In what I describe as an anti-Black Friday sale, Goldmoney announced on the 29th of November a new $10 per month minimum storage fee.
This goes into effect on 1 January 2020.
Goldmoney (formerly BitGold) already had storage fees, but they were proportional. Now, smaller accounts might not make financial sense anymore.
I’ve determined that Goldmoney doesn’t make sense for me anymore.
Goldmoney Fees are Too Darn High
It is always important to understand the fees a financial services company charges, and Goldmoney has plenty. There is a 0.5% gold buy/sell fee and a $20 wire transfer fee for withdrawals (funding can be free with EFT).
Storage fees vary by location and the lowest cost locations are .01% per month (London, Hong Kong, Zurich, Singapore).
However, this new a $10 per month minimum fee is a killer. In order to pay just .01% per month, you’d need to have at least $100,000 in gold stored.
As a simple example, $10 per month fee on $120 worth of stored gold would be equal to the value of the gold stored after just one year.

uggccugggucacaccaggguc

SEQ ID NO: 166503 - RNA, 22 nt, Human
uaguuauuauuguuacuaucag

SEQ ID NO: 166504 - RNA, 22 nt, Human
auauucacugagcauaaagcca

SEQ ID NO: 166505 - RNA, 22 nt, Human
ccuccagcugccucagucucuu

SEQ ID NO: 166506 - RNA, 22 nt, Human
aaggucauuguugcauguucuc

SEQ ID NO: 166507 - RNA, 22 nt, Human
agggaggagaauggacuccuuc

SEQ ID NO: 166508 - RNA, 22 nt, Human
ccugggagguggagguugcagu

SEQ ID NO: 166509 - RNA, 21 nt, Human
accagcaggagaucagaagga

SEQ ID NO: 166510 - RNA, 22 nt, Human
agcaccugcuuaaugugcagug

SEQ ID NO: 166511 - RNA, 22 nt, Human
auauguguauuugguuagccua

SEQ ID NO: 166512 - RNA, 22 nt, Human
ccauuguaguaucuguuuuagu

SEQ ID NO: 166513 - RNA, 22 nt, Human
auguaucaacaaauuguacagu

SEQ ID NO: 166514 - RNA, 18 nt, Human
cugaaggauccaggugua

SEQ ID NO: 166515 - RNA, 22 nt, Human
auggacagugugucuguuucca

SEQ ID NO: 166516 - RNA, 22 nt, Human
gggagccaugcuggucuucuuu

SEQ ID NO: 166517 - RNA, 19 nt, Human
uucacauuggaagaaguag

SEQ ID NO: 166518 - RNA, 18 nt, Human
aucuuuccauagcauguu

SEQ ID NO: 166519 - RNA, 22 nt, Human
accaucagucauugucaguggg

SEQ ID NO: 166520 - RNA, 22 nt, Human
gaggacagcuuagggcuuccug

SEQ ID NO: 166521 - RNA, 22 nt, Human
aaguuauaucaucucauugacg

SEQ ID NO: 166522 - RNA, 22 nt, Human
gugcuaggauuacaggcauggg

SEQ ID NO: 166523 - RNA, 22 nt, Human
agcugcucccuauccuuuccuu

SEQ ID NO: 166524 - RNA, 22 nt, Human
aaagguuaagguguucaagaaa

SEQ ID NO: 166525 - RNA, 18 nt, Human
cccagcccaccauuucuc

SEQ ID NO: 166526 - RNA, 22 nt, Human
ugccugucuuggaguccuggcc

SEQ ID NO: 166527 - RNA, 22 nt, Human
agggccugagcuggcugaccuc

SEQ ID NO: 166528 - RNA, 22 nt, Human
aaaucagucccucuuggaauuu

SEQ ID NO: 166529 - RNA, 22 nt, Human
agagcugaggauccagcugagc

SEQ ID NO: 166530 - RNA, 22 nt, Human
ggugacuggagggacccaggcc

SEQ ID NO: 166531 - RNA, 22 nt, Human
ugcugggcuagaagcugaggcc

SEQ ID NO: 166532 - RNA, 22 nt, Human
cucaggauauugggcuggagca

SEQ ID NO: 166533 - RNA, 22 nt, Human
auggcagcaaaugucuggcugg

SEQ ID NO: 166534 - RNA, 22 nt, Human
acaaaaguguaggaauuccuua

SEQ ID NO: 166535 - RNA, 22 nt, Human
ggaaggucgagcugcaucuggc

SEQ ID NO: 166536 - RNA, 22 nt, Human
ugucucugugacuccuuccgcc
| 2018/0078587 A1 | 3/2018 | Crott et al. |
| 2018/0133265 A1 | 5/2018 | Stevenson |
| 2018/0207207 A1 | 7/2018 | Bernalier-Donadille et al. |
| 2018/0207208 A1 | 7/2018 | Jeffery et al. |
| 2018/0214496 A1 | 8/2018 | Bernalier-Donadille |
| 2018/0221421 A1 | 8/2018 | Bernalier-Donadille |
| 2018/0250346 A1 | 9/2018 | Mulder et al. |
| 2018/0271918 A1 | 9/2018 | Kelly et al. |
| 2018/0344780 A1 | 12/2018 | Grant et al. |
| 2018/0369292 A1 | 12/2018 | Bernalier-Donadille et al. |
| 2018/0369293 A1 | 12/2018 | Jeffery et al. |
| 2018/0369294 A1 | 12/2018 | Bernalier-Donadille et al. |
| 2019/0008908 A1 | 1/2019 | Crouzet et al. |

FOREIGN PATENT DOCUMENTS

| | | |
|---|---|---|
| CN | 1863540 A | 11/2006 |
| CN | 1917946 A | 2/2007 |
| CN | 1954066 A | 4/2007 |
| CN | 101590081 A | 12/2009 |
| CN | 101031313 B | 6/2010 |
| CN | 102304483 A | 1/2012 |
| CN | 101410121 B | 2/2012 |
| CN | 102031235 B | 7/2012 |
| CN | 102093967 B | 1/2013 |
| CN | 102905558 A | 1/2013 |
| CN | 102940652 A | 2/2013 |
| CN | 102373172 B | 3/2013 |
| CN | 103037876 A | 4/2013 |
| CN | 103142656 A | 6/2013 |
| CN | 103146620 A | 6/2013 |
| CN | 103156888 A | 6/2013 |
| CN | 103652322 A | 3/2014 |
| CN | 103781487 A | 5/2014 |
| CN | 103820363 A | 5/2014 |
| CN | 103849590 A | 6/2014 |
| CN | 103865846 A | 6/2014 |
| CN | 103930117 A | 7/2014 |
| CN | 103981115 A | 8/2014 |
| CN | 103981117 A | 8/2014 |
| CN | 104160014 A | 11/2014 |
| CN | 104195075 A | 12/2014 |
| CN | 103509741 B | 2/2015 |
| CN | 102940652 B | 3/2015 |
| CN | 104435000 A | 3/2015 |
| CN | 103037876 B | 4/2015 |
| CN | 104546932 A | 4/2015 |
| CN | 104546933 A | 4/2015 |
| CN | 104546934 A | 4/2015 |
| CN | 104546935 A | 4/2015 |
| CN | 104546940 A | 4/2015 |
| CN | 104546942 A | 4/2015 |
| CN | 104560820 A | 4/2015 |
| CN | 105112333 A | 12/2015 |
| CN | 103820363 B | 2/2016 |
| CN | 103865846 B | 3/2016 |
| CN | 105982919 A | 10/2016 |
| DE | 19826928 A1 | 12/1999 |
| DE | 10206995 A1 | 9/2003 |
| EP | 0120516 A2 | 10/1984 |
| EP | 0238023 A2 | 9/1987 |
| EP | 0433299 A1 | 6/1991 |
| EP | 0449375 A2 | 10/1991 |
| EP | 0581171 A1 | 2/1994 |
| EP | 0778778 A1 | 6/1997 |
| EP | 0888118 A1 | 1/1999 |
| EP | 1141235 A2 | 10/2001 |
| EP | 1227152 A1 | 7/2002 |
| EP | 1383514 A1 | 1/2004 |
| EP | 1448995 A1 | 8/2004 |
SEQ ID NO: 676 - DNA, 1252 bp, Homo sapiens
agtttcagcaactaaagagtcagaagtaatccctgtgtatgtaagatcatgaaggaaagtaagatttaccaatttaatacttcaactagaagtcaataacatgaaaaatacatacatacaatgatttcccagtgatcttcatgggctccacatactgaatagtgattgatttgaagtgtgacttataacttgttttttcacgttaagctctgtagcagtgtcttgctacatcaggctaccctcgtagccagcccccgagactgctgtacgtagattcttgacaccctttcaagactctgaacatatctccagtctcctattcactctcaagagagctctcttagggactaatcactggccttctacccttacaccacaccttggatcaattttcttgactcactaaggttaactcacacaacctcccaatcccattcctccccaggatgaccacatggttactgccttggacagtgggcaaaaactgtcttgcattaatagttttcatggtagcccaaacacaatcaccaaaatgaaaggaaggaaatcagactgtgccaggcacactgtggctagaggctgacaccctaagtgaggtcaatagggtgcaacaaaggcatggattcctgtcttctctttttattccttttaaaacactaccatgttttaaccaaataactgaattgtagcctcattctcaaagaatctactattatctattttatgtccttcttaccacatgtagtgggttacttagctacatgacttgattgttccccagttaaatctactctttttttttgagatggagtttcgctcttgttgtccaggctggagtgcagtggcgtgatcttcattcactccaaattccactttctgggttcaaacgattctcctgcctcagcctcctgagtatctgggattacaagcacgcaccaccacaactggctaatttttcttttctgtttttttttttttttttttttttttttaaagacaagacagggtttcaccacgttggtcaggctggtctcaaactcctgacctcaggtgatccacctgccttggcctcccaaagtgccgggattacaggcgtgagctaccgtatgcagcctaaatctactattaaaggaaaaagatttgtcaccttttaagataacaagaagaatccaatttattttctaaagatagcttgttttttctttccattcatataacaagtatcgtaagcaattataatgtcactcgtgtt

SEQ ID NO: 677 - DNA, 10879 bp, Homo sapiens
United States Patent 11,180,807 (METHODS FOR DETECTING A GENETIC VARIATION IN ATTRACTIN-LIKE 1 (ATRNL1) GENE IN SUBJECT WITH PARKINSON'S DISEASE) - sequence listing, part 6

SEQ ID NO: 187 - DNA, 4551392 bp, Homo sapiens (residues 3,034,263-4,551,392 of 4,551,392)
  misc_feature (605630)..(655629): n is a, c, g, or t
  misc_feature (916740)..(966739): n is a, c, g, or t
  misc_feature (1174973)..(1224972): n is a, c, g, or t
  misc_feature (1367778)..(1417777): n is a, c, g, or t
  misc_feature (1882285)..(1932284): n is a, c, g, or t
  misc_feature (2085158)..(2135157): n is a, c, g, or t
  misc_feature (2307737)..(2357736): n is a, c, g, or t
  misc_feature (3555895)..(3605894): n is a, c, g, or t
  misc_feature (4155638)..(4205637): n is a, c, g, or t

Some other considerations, which in my view don’t help enough, are that Goldmoney does offset the minimum fee with commissions paid and the accounts are insured.
However, your homeowners insurance or renters insurance might cover your safe deposit box as well.
If you have a larger account, insurance is important to you, or conduct a lot of transactions, Goldmoney might make sense.
Goldmoney Doesn’t Make Sense for Smaller Accounts
I was previously an advocate of this low cost way to store physical precious metals around the world. With this new development in fees I have decided to withdraw my endorsement of Goldmoney.
Because of the smaller amount of Gold I have with Goldmoney, I’ve elected to sell all my gold in their custody. At this time I have no intention of doing business with Goldmoney again.
The insurance is an important consideration, however, a safety deposit box or other secure location is going to be much more cost effective for the small investor.